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Tuesday, April 22, 2014


If you want to stop a conversation dead in its tracks, use the word “but.”  

I read a number of years ago a suggestion that we use the word “and” in place of “but” when we are involved in substantive dialogues.  The idea behind using “and” instead of "but" is to keep the discourse open rather than trying to stop the idea or the expression of a position by another person.  

I’ve tried it, and it seems to work.  Another strategy I’ve tried using to train myself away from using the word “but” is to pause briefly after another has expressed their thinking/position/idea, then offer a question for consideration.  Instead of the using the word “but,” the question I offer generates more dialogue and freer exchange of ideas.  The questions I choose allow me to introduce a counter-perspective as a possibility for discussion, rather than a direct rebuttal to the other person's idea/thought.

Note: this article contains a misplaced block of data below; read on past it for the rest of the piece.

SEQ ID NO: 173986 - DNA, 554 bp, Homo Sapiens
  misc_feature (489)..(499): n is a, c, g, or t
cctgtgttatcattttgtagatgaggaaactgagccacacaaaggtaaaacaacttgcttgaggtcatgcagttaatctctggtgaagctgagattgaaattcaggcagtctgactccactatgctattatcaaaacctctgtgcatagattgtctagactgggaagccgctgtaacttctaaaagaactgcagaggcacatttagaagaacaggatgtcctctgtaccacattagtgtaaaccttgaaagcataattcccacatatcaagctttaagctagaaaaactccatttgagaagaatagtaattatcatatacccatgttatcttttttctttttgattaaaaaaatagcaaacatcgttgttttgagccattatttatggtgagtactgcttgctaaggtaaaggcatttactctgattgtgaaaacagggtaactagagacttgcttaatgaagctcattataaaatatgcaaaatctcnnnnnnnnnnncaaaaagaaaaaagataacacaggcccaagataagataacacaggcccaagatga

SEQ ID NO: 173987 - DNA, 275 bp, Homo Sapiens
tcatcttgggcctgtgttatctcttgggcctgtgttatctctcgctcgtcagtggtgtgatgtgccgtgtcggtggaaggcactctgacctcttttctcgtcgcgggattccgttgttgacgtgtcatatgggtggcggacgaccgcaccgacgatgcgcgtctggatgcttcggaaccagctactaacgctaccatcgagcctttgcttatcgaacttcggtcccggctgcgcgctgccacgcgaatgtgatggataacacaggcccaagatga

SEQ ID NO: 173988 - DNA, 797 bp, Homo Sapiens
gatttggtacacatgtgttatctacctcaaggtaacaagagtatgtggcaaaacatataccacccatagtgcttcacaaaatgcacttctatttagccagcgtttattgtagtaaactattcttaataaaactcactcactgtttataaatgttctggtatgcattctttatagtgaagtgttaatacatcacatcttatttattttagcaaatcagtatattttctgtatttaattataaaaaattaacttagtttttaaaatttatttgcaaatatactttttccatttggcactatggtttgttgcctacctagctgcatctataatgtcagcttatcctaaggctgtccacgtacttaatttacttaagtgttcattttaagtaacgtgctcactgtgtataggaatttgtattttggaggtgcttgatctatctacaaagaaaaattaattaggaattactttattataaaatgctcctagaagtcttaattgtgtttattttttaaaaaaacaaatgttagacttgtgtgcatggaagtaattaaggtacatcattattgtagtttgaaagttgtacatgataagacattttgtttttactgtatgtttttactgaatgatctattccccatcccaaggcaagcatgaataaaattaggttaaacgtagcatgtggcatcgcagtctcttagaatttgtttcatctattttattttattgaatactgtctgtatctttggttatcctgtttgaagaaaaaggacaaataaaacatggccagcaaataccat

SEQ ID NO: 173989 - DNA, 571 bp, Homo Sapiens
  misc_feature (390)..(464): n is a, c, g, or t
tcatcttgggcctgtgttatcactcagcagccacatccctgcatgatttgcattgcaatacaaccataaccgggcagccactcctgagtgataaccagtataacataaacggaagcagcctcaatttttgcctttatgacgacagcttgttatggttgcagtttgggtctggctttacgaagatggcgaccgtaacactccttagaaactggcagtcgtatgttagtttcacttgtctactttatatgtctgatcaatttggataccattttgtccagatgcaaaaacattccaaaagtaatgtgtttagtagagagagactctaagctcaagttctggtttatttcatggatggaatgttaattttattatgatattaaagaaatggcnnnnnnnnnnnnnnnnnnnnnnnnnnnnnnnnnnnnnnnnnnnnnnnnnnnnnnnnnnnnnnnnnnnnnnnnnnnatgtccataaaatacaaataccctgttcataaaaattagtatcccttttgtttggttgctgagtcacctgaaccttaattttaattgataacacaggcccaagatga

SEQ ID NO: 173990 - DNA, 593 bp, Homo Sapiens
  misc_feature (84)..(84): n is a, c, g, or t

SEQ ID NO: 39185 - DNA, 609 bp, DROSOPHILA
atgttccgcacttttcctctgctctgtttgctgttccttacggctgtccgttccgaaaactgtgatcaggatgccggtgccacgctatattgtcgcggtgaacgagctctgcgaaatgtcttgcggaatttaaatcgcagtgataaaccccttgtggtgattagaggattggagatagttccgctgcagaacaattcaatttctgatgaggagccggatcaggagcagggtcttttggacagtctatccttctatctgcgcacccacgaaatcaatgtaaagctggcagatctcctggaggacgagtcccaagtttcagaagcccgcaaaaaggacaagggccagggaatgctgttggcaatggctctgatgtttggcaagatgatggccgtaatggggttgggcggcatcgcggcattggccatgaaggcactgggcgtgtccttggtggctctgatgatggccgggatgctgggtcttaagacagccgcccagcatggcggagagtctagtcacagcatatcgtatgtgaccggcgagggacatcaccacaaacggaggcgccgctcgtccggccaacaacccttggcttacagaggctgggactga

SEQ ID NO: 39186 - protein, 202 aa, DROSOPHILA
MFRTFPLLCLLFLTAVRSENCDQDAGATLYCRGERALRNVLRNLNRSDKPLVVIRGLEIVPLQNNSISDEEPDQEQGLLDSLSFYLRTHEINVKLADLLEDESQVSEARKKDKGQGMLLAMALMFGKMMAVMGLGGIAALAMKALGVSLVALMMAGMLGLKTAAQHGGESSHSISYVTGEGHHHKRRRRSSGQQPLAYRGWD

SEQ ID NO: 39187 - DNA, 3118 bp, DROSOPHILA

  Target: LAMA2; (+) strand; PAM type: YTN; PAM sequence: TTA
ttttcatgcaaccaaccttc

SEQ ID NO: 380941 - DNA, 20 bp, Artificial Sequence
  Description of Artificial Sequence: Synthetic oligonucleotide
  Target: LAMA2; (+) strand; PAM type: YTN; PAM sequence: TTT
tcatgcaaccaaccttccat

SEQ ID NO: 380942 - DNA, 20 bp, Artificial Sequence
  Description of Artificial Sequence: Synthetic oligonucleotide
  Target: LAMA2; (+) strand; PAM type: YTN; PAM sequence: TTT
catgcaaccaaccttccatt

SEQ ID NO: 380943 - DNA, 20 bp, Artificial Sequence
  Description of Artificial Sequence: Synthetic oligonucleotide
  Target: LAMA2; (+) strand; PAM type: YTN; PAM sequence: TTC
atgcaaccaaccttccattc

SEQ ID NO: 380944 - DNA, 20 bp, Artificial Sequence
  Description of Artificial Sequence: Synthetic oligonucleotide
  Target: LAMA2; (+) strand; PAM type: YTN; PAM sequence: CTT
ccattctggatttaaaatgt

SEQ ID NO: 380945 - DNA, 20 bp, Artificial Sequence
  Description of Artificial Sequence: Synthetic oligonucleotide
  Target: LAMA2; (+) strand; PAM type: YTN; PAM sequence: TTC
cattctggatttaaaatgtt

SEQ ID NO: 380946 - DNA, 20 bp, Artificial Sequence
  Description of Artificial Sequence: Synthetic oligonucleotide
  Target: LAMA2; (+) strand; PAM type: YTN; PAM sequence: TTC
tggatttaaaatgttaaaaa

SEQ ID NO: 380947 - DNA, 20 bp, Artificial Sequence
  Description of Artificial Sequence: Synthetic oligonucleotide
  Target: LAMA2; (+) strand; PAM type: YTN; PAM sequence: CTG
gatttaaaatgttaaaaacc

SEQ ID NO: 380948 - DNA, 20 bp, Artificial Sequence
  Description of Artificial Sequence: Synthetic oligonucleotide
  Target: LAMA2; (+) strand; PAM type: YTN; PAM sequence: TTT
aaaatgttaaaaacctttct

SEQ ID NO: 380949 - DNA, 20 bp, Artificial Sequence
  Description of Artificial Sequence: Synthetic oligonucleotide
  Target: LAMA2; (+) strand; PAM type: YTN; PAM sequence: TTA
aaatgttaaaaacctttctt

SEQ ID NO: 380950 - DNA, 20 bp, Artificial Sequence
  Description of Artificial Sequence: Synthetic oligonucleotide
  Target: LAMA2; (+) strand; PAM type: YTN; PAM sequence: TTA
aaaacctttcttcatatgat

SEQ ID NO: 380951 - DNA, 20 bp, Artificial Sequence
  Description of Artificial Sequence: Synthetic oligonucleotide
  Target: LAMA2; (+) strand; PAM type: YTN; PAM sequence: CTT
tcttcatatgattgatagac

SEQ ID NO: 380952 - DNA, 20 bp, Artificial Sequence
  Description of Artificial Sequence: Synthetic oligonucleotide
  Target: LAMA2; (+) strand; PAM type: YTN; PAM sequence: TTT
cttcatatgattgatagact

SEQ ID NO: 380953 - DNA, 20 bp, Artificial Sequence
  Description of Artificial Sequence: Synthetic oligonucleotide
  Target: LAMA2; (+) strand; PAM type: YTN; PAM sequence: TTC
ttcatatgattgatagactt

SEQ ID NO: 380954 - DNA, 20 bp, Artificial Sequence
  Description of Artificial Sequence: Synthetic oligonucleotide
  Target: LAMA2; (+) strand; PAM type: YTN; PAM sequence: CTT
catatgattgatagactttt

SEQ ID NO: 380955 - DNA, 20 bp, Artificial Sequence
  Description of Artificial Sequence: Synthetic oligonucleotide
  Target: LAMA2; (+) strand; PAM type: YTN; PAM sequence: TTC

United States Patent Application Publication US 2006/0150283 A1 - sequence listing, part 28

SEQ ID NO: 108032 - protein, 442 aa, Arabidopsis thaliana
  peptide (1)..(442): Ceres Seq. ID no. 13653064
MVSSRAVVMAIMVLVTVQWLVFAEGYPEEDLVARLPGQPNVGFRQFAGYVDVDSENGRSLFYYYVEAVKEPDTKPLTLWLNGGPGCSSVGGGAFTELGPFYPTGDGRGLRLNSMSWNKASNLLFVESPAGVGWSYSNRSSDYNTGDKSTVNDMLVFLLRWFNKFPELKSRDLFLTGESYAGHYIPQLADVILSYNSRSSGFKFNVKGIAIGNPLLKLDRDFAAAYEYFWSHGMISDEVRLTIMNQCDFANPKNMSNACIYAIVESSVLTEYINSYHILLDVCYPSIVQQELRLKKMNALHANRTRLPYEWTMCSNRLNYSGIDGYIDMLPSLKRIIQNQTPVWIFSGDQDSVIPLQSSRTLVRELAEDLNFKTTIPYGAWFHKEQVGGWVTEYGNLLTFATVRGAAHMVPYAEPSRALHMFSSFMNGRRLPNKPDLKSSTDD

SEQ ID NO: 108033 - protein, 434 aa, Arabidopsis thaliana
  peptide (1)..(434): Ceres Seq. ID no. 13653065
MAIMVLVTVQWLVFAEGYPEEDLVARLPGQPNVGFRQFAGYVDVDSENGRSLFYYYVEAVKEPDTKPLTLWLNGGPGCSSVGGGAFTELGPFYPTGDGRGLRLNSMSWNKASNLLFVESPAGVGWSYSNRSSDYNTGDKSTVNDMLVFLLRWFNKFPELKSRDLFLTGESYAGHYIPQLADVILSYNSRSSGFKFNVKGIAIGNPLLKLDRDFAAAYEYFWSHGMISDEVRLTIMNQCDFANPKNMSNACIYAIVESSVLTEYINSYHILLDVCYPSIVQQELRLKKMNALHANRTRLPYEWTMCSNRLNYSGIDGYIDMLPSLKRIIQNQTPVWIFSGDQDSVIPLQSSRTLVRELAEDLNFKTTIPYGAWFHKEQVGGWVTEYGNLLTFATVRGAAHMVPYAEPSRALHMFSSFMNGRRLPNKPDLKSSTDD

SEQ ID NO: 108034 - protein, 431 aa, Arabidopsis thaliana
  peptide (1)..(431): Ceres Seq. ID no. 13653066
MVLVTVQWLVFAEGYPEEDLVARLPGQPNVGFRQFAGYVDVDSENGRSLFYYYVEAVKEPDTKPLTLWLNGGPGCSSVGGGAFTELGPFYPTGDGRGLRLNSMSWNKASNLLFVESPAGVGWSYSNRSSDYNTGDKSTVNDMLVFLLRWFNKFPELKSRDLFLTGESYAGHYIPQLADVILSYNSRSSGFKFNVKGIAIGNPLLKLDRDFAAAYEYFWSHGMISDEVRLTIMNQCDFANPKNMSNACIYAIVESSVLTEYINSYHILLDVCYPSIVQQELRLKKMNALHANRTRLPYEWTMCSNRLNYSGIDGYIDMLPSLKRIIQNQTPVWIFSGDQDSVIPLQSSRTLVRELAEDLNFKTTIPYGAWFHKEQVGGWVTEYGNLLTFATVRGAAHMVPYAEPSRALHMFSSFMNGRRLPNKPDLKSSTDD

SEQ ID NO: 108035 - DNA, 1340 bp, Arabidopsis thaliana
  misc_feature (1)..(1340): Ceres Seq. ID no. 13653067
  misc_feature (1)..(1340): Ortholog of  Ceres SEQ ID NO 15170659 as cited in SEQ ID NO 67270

Reducing usage of the word "but" really has been beneficial for me.  It does seem to keep conversations going and the doors of possibility open.  

Try it.  See what you think. 

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